TWENTY years ago this week, an organisation called The Peace Train was set up in response to the IRA's repeated bombing of the Belfast-Dublin railway line.
The first Peace Train left Belfast on Saturday, October 28, 1989 in a symbolic gesture of protest against the attacks on the route, which was and remains key to the economic infrastructure of both Northern Ireland and the Republic. Two thousand people from all over the island of Ireland took part and delivered a resoundingly clear message of cross-border opposition to the IRA.
Church leaders of all denominations and politicians from all constitutional strands pledged their support.
Founded by the influential Belfast writer and broadcaster Sam McAughtry - who headed the movement in the North - and the Rev Chris Hudson, who gave a lead in the Republic, the group organised various demonstrations until the ceasefires of 1994.
From the outset it sparked controversy, with republicans complaining that the Peace Train unfairly stigmatised the IRA rather than demonstrating against all paramilitary activity.
The first Peace Train did not complete its journey without incident; a stone-throwing youth broke a window and the train was delayed by yet another bomb scare on the line.
Mr McAughtry was chairman of the Ulster component of the Peace Train lobby. An incisive and unapologetic commentator, he said he was initially motivated by personal frustration.
"I travelled up and down between Dublin and Belfast for so many years when I worked for the Irish Times," he explained.
"The IRA said they wanted to be treated as a legitimate army - then I thought they should have heeded a few military points.
"The actions they were carrying out on the line were only holding down a few soldiers - what was the point in that?
"If they wanted to interfere with the transfer of goods, that wasn't thought through either - they could just transport the goods by truck.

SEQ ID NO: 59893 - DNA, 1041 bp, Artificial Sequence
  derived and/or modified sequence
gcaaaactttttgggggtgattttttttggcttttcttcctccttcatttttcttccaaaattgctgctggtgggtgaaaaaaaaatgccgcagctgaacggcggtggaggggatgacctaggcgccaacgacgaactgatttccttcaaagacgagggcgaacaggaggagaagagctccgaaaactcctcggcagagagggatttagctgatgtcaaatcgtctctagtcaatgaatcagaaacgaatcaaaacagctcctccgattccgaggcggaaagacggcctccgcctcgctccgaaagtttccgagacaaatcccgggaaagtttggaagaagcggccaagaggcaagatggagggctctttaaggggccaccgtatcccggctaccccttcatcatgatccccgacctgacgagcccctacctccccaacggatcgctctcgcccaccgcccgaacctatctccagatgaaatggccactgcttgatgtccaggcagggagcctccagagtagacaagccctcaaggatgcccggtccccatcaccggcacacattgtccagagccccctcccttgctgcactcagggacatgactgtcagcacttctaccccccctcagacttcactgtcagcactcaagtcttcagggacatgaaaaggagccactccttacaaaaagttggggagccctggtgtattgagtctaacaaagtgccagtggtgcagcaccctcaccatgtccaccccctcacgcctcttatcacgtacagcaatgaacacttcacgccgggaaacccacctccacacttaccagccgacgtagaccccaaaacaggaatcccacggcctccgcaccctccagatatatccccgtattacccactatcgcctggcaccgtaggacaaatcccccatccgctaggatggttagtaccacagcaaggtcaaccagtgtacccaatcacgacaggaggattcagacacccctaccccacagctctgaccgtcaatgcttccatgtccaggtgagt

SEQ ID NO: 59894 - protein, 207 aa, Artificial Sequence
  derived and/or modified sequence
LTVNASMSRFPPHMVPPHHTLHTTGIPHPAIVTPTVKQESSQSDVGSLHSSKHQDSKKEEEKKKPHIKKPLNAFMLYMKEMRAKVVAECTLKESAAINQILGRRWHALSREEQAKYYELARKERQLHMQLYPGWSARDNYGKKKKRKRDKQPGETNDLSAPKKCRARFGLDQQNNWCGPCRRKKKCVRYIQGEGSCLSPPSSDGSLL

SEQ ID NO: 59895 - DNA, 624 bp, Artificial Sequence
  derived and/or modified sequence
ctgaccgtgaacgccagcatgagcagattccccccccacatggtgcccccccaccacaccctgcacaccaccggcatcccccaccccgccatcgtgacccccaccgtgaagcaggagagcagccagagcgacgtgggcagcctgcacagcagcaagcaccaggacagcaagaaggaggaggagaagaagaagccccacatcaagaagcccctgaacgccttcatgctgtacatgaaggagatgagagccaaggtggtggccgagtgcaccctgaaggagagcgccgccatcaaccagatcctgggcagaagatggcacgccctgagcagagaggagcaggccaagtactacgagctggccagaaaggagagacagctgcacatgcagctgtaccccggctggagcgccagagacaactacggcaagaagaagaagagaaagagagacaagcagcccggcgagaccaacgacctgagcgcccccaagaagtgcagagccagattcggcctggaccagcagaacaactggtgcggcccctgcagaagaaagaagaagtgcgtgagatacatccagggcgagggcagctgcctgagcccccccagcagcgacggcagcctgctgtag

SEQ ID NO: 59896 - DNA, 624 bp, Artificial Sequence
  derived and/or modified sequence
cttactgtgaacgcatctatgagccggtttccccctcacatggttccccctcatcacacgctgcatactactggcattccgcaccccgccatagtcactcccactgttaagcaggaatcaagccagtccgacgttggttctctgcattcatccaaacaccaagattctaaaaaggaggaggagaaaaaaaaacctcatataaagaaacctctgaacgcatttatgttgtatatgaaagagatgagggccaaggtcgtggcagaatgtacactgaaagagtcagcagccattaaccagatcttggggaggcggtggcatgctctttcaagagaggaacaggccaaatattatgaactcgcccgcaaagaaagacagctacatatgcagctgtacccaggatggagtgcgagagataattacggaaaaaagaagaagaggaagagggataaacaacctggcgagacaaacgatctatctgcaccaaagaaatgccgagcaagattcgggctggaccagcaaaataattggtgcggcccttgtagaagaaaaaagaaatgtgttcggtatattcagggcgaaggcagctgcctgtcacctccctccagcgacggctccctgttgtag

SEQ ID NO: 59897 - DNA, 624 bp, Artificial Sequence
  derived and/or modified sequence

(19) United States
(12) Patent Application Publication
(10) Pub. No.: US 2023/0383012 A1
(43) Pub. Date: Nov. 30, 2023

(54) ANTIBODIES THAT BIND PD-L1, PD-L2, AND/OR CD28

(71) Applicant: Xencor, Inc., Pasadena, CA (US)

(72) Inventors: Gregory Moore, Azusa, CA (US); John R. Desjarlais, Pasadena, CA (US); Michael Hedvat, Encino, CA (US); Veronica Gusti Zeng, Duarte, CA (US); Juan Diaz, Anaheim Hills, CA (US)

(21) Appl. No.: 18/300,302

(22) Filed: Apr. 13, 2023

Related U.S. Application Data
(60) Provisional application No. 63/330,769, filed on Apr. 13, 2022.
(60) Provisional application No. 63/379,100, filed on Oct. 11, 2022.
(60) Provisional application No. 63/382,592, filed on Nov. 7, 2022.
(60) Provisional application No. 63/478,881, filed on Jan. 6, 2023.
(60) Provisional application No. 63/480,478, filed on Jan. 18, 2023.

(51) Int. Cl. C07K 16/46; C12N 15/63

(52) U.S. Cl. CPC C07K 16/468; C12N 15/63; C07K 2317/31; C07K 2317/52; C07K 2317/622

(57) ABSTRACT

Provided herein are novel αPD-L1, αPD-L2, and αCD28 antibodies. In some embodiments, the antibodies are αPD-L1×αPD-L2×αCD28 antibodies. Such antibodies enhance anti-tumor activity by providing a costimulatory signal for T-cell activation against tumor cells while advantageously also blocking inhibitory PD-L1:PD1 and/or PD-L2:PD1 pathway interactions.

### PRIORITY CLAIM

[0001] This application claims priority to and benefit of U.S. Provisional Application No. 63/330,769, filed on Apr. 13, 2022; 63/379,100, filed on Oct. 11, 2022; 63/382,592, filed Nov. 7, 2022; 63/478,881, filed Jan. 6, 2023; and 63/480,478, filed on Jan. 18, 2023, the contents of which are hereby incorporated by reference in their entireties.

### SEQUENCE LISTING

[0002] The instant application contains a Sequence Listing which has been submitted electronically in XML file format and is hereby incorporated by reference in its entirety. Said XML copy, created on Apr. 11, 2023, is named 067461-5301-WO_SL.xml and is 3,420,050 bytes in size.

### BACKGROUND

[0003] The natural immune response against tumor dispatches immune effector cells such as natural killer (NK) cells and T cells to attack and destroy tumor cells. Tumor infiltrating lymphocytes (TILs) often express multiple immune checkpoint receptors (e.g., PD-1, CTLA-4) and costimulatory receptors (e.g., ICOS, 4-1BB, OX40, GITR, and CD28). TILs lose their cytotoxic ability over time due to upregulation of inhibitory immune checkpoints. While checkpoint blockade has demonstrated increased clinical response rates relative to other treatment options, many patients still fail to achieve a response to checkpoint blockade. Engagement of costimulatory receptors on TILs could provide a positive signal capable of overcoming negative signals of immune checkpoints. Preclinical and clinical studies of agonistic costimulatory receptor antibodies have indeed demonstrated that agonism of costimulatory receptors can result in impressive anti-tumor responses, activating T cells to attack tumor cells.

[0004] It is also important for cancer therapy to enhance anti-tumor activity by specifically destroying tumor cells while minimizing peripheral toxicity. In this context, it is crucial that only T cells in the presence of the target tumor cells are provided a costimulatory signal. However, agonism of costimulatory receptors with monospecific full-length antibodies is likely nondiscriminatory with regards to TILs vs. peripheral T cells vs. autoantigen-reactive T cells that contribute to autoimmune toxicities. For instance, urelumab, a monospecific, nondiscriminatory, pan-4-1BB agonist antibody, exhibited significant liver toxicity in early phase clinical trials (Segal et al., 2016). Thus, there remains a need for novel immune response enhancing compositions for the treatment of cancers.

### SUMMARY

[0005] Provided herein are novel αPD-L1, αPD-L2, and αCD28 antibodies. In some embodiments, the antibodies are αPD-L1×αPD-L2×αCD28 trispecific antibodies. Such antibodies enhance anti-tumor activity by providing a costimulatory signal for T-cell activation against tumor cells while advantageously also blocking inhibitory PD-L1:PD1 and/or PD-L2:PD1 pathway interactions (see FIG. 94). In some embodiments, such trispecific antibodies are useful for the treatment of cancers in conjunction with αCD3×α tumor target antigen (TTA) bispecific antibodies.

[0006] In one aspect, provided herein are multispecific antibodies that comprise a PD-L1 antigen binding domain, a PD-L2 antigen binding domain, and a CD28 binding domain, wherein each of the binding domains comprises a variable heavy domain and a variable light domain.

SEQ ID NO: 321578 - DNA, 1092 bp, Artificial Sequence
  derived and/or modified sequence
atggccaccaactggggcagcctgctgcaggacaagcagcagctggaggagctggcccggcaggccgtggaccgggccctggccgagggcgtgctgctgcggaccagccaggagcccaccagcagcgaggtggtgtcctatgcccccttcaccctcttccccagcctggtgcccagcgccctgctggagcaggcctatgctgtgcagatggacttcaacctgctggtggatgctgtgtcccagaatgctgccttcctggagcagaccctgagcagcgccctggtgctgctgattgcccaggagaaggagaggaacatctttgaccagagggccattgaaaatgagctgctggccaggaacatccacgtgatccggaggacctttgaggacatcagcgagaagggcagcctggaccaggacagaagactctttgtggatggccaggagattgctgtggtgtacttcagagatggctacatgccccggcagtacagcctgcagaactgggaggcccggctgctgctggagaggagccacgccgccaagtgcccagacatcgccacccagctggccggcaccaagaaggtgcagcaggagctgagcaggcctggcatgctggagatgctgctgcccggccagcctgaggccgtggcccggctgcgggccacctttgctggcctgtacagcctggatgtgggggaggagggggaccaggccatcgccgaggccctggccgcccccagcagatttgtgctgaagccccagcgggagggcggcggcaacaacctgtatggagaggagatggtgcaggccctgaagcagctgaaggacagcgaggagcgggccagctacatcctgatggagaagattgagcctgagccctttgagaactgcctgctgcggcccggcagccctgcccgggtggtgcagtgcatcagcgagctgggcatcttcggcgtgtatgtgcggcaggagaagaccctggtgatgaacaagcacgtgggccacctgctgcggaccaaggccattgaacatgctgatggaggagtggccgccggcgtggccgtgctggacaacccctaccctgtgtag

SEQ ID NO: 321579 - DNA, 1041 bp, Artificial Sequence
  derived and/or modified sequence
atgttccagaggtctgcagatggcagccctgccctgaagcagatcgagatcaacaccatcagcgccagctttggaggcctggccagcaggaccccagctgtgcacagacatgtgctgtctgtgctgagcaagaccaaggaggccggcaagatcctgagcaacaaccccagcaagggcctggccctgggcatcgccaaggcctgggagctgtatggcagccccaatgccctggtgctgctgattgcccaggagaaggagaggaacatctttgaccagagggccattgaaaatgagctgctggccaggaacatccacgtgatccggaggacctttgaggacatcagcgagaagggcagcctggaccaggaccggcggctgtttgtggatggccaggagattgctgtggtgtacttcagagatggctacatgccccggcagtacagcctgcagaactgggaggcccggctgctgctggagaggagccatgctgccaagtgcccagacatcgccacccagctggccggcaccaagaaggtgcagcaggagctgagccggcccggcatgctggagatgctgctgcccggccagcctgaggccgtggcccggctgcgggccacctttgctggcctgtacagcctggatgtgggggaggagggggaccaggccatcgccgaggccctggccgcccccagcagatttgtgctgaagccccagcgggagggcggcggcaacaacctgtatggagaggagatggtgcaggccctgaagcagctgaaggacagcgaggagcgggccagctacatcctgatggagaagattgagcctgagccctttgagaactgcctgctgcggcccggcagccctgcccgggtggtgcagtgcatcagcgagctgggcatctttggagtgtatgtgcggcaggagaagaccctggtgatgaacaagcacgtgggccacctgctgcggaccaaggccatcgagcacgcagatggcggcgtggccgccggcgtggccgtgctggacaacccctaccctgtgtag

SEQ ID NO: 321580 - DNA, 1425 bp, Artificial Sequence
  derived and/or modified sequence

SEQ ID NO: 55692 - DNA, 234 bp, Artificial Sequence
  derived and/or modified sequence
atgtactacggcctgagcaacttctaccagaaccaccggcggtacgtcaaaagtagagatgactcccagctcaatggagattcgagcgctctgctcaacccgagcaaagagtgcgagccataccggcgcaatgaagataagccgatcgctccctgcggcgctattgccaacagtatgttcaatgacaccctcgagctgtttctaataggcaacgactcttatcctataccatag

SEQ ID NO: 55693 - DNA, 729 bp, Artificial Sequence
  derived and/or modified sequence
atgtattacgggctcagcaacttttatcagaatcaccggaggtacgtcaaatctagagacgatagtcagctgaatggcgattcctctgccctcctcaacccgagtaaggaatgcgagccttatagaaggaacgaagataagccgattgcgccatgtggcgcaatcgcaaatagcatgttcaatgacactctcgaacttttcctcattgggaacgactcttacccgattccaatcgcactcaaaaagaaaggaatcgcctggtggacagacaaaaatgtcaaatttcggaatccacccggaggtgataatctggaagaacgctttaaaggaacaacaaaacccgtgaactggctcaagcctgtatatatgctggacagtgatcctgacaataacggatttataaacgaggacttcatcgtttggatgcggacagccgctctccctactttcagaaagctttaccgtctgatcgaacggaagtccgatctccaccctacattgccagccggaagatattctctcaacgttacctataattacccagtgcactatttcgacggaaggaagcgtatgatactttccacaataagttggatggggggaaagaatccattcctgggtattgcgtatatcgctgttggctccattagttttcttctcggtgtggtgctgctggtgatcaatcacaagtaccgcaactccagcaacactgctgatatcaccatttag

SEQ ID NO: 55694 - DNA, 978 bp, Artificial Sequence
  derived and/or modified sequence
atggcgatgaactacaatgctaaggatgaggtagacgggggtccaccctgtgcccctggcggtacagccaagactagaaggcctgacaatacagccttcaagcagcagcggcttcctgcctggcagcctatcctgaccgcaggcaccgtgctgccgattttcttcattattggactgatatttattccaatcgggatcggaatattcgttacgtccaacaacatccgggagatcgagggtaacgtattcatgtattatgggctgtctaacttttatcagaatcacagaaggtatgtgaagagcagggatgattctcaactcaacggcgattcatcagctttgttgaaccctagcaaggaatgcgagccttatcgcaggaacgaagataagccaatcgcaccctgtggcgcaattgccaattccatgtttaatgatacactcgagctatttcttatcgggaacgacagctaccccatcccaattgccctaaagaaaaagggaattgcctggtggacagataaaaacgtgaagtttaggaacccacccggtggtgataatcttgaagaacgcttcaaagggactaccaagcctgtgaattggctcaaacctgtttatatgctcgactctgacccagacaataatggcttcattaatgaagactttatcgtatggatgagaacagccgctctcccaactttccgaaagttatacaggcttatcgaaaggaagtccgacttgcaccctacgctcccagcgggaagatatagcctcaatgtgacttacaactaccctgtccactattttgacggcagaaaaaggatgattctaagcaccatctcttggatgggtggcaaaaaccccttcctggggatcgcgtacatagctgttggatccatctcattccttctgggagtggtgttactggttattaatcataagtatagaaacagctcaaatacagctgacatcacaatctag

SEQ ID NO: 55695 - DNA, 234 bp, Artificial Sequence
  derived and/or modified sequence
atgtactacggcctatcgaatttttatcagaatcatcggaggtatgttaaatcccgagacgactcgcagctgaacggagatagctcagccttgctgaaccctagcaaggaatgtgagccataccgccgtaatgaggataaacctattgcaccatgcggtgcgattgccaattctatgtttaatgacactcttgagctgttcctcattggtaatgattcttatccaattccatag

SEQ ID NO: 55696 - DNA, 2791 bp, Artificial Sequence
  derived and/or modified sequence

"It just didn't make any sense to me at all that this line was a target."
Recalling the inaugural journey, Mr McAughtry said: "The Lord Mayor of Dublin met us when the Peace Train came in to Connolly Station and the place was packed. He presented me with a book about Dublin and I promptly gave him a book about Belfast."
Mr Hudson, who was awarded an MBE for his part in the Peace Train campaign, also negotiated with the UVF to secure their ceasefire and, more recently, decommissioning.
He remains a staunch opponent of IRA activity. "The Peace Train gave people a focused outlet to protest against the IRA," he said.
"Some people were angered by the Peace Train because they said we demonised republicans.
"Sinn Fein accused me of just being pro-British. They wanted to know why we weren't protesting against the British Army and the RUC.
"I did not agree that paramilitaries should be put in the same camp as the security forces," said Mr Hudson.
Both men will be joined by former secretary Chris McGimpsey and conflict resolution consultant Robin Wilson to mark the twentieth anniversary of the Peace Train on Thursday. Each will speak on the group's contribution to what it is hoped will be a lasting peace.
Peace Train: 20 Years On will be held at Central Hall, Rosemary Street, Belfast, on October 29 at 7.30pm.